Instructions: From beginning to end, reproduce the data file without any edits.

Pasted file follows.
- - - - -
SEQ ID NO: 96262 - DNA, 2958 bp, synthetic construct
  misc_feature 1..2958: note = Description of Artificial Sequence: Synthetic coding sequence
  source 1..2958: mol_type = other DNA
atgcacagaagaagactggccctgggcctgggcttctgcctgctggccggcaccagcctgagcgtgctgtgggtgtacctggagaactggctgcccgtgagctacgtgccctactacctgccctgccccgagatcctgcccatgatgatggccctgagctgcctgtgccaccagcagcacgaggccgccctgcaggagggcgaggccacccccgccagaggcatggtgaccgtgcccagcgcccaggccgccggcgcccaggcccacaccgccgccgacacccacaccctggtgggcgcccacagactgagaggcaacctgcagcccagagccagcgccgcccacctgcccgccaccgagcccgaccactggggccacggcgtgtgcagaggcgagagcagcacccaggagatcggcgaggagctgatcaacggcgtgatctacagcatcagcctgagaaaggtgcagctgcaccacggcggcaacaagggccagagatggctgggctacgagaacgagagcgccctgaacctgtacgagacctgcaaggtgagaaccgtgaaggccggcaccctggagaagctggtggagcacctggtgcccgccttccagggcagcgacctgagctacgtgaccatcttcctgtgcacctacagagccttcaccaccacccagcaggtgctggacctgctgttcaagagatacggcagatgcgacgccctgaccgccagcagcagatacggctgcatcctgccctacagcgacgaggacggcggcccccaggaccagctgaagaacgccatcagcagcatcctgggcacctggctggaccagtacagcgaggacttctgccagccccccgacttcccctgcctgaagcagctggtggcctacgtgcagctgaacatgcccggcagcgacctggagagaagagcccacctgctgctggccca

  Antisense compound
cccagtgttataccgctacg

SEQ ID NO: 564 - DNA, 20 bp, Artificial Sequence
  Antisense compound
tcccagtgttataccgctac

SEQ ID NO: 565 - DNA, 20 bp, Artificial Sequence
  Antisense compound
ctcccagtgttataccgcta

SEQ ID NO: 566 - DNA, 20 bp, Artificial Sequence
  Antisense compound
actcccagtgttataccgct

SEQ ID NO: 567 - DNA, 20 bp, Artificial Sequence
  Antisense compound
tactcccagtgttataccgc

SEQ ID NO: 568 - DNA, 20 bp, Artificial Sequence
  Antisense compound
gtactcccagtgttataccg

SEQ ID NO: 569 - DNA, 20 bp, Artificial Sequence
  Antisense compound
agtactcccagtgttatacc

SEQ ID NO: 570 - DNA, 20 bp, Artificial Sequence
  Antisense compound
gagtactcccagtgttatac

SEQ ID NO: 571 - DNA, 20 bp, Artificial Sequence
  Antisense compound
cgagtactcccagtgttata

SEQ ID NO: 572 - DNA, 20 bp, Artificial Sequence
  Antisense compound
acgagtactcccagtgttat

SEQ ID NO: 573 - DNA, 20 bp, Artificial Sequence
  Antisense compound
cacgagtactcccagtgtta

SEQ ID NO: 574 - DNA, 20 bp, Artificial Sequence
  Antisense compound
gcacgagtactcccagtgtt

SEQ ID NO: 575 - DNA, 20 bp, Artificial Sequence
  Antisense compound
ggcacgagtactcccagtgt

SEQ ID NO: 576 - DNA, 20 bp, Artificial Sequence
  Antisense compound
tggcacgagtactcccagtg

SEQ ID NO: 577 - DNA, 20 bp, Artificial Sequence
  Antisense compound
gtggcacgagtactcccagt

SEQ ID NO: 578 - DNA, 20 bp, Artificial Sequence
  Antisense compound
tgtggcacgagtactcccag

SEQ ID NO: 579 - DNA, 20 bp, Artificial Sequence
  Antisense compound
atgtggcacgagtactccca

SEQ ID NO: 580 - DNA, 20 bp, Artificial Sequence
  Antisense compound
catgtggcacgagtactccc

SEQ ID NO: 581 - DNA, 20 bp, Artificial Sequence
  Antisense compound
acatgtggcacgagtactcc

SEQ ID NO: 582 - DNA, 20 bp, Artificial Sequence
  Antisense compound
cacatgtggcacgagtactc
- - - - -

SEQ ID NO: 96262 - DNA, 2958 bp, synthetic construct
  misc_feature 1..2958: note = Description of Artificial Sequence: Synthetic coding sequence
  source 1..2958: mol_type = other DNA
atgcacagaagaagactggccctgggcctgggcttctgcctgctggccggcaccagcctgagcgtgctgtgggtgtacctggagaactggctgcccgtgagctacgtgccctactacctgccctgccccgagatcctgcccatgatgatggccctgagctgcctgtgccaccagcagcacgaggccgccctgcaggagggcgaggccacccccgccagaggcatggtgaccgtgcccagcgcccaggccgccggcgcccaggcccacaccgccgccgacacccacaccctggtgggcgcccacagactgagaggcaacctgcagcccagagccagcgccgcccacctgcccgccaccgagcccgaccactggggccacggcgtgtgcagaggcgagagcagcacccaggagatcggcgaggagctgatcaacggcgtgatctacagcatcagcctgagaaaggtgcagctgcaccacggcggcaacaagggccagagatggctgggctacgagaacgagagcgccctgaacctgtacgagacctgcaaggtgagaaccgtgaaggccggcaccctggagaagctggtggagcacctggtgcccgccttccagggcagcgacctgagctacgtgaccatcttcctgtgcacctacagagccttcaccaccacccagcaggtgctggacctgctgttcaagagatacggcagatgcgacgccctgaccgccagcagcagatacggctgcatcctgccctacagcgacgaggacggcggcccccaggaccagctgaagaacgccatcagcagcatcctgggcacctggctggaccagtacagcgaggacttctgccagccccccgacttcccctgcctgaagcagctggtggcctacgtgcagctgaacatgcccggcagcgacctggagagaagagcccacctgctgctggccca

  Antisense compound
cccagtgttataccgctacg

SEQ ID NO: 564 - DNA, 20 bp, Artificial Sequence
  Antisense compound
tcccagtgttataccgctac

SEQ ID NO: 565 - DNA, 20 bp, Artificial Sequence
  Antisense compound
ctcccagtgttataccgcta

SEQ ID NO: 566 - DNA, 20 bp, Artificial Sequence
  Antisense compound
actcccagtgttataccgct

SEQ ID NO: 567 - DNA, 20 bp, Artificial Sequence
  Antisense compound
tactcccagtgttataccgc

SEQ ID NO: 568 - DNA, 20 bp, Artificial Sequence
  Antisense compound
gtactcccagtgttataccg

SEQ ID NO: 569 - DNA, 20 bp, Artificial Sequence
  Antisense compound
agtactcccagtgttatacc

SEQ ID NO: 570 - DNA, 20 bp, Artificial Sequence
  Antisense compound
gagtactcccagtgttatac

SEQ ID NO: 571 - DNA, 20 bp, Artificial Sequence
  Antisense compound
cgagtactcccagtgttata

SEQ ID NO: 572 - DNA, 20 bp, Artificial Sequence
  Antisense compound
acgagtactcccagtgttat

SEQ ID NO: 573 - DNA, 20 bp, Artificial Sequence
  Antisense compound
cacgagtactcccagtgtta

SEQ ID NO: 574 - DNA, 20 bp, Artificial Sequence
  Antisense compound
gcacgagtactcccagtgtt

SEQ ID NO: 575 - DNA, 20 bp, Artificial Sequence
  Antisense compound
ggcacgagtactcccagtgt

SEQ ID NO: 576 - DNA, 20 bp, Artificial Sequence
  Antisense compound
tggcacgagtactcccagtg

SEQ ID NO: 577 - DNA, 20 bp, Artificial Sequence
  Antisense compound
gtggcacgagtactcccagt

SEQ ID NO: 578 - DNA, 20 bp, Artificial Sequence
  Antisense compound
tgtggcacgagtactcccag

SEQ ID NO: 579 - DNA, 20 bp, Artificial Sequence
  Antisense compound
atgtggcacgagtactccca

SEQ ID NO: 580 - DNA, 20 bp, Artificial Sequence
  Antisense compound
catgtggcacgagtactccc

SEQ ID NO: 581 - DNA, 20 bp, Artificial Sequence
  Antisense compound
acatgtggcacgagtactcc

SEQ ID NO: 582 - DNA, 20 bp, Artificial Sequence
  Antisense compound
cacatgtggcacgagtactc